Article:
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Posts posted by dakini_painter

  1. Compound absinthes are currently made as a shortcut, just like other artificially flavored schnapps.


    I guess that's what I was thinking about when I posed the question.


    Heaven knows there were enough recipes back in the day to suggest that it wasn't as sinister sounding as it is nowadays


    Today, the modern flavor and fragrance chemist has at their disposal thousands of individual chemical compounds that they can order from anethole to who knows what. They can simply dial in the components they want to whatever precision they need.


    The 19th and early 20th centuries didn't have that. In Duplais the essences that are discussed appear to be concentrated distillates from actual herbs, fruits, roots, etc. Those were then added to their neutral spirit to make the beverage, followed by artificial coloring.


    does anyone know what any of those old suckers could have tasted like?


    afaik, none of these have come down to us. (In 2006, I also asked this question.)

  2. Already been done. And their your favorites studiofox, the creme de la creme, ones I know you'll really love.


    Djabel (Devil) = Red Stromu

    Green Fairy = Green Stromu

    Koruna = KOS with a real wormwood stalk in the bottle!!!


    It seems like they haven't fulfilled our greatest desire in bringing the famous and very rare Yellow Stromu to our shores. Perhaps in the future, eh?



  3. Stolichnaya's Stoli Gold was given 93 points and lists at $25.99.

    Leopold Bros. Silver Tree American Vodka was also given the same 93 points, but lists at $39.95. So my vodka is nearly $14 more per bottle.


    So......does this mean that I am dishonest, a poor distiller, a poor businessman, or all three?


    No, it means Stoli is mass produced on a vast industrial scale, with all that implies, good and bad. Leopold is a small craft distilled that probably produced 1/1000th the quantity of Stoli (or much less). It's made is small batches, probably from American grain. It's not made on an industrial scale, with all that implies, good and bad. Stoli will always be on the shelf, never out of stock. There's not even enough Leopold Bros vodka for every likker store in America, let alone enough to keep in stock at a store near you.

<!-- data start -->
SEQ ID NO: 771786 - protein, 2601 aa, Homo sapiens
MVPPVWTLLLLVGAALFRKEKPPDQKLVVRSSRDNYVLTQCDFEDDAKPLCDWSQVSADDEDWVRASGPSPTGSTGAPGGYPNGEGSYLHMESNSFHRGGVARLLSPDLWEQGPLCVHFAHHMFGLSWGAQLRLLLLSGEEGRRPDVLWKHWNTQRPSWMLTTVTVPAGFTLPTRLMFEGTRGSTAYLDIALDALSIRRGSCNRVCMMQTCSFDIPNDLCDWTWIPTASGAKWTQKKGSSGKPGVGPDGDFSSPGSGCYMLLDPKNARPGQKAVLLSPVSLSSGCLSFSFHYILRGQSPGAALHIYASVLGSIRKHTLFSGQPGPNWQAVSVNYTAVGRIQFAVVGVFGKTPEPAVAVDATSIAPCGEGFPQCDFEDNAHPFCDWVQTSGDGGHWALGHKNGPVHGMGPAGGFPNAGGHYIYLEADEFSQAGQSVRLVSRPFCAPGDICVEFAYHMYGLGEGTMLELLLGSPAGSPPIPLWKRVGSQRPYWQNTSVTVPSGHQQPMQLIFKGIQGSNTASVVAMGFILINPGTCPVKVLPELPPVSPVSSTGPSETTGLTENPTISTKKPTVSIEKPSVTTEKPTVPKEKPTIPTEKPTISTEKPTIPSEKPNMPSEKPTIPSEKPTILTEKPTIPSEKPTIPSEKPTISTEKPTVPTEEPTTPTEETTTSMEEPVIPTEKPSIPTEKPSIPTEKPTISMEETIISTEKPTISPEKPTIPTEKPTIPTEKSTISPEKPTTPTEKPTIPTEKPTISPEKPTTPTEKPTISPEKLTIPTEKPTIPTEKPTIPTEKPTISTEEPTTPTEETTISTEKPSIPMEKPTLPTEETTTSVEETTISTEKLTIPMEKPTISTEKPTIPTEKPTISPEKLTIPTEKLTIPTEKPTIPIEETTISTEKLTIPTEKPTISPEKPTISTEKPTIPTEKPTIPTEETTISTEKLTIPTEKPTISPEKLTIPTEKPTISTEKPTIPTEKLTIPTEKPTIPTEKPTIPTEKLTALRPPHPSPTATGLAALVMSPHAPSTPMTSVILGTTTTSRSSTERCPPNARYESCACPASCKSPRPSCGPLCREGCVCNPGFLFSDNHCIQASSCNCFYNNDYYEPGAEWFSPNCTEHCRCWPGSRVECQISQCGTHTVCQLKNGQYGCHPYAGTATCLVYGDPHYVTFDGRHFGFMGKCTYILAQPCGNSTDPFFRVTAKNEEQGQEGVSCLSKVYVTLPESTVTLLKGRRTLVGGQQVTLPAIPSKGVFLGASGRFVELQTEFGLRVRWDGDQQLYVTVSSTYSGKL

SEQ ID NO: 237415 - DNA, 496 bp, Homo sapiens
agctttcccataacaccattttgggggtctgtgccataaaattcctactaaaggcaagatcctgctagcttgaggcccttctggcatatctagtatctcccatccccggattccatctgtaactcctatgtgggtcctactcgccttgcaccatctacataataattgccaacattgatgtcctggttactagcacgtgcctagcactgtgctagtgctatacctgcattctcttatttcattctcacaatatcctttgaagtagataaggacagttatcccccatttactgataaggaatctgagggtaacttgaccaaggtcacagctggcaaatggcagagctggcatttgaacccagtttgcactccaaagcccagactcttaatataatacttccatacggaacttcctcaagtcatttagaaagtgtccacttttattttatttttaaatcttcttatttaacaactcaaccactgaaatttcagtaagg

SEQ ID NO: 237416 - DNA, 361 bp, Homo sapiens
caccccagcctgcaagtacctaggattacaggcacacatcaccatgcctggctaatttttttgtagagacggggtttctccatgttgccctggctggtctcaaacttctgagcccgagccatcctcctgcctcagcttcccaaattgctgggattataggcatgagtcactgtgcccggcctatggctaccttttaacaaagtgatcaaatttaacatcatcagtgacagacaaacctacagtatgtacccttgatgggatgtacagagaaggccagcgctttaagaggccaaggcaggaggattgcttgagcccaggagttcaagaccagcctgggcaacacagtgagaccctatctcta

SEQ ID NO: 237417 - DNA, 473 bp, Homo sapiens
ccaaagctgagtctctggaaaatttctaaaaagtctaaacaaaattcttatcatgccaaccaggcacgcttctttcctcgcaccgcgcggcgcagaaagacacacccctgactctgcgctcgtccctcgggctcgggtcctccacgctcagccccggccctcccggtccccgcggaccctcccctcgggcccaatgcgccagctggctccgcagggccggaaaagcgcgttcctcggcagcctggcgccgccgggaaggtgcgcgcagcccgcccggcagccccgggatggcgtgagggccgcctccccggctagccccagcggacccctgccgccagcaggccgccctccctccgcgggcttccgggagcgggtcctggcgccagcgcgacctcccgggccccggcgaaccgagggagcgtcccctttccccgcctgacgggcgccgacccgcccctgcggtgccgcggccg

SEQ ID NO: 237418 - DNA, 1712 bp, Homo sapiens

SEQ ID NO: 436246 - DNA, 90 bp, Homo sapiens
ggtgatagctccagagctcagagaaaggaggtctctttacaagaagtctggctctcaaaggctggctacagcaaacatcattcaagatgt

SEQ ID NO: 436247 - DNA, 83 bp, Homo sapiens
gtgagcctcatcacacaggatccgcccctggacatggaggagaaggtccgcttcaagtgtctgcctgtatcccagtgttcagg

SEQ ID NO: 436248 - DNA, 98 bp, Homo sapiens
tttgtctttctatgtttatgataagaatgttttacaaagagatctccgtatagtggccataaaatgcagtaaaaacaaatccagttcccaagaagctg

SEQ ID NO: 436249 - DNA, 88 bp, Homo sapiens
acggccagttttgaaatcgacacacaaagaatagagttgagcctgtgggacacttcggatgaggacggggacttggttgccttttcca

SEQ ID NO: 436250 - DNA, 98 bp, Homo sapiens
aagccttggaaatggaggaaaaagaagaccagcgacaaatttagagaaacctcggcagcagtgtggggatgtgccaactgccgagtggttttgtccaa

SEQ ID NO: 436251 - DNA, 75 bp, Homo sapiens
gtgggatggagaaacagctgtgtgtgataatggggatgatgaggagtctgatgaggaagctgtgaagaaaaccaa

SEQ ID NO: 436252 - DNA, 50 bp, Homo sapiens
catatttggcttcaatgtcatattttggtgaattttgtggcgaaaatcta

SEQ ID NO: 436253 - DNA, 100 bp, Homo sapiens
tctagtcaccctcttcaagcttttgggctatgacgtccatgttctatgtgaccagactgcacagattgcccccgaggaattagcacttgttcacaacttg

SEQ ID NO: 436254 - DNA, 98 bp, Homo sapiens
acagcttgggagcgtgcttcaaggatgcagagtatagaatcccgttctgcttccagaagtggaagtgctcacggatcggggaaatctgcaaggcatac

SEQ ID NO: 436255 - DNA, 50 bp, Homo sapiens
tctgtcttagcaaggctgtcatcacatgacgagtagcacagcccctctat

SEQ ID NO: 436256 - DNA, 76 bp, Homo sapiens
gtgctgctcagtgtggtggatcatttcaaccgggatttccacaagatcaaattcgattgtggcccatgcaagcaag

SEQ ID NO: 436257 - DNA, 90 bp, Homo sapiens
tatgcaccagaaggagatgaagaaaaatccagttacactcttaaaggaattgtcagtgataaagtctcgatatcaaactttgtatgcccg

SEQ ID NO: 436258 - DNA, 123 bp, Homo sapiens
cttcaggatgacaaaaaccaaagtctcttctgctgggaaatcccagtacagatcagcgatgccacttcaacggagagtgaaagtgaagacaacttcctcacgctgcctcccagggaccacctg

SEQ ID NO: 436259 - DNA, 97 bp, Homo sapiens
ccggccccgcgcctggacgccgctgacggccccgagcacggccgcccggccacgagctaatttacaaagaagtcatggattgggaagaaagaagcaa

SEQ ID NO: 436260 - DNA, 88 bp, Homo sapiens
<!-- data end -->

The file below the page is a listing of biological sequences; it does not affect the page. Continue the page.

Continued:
Peter Heering Cherry Liqueur, recieved 95 points, and lists at $26

    Leopold Bros. Blackberry Liqueur, recieved 95 points, and lists at $35


    Again, my spirit is almost ten bucks more per bottle. I must be a hypocrite.


    Blackberries are much more expensive than cherries, right?

  4. It was the formula specialist. But he also said the label has to state the use of "coloring herbs".


    I also really am appalled/saddened/amused that there's no place on COLAs eApplication to enter the TTB assigned ID number of the formula. Or the lab's TTB number for their report of the date (all of which they all ask for on the eApplication).

  5. At Hiram's suggestion I checked out the Statement of Composition of other already approved absinthes on the US market.


    Not a single one says "artificially colored", though La Fee lists it's use of caramel and two FD&C colors on the back label, and the Red and green Stromu (Djabel and Green Fairy respectively) state "alcohol with herbs, natural flavor, certified colors and FD&C Yellow #5".


    It's really interesting to see all the different descriptions for all the products, even the ones that are naturally colored. "with natural flavors added" seems common. Some actually get to say "infused/colored/flavored with herbs".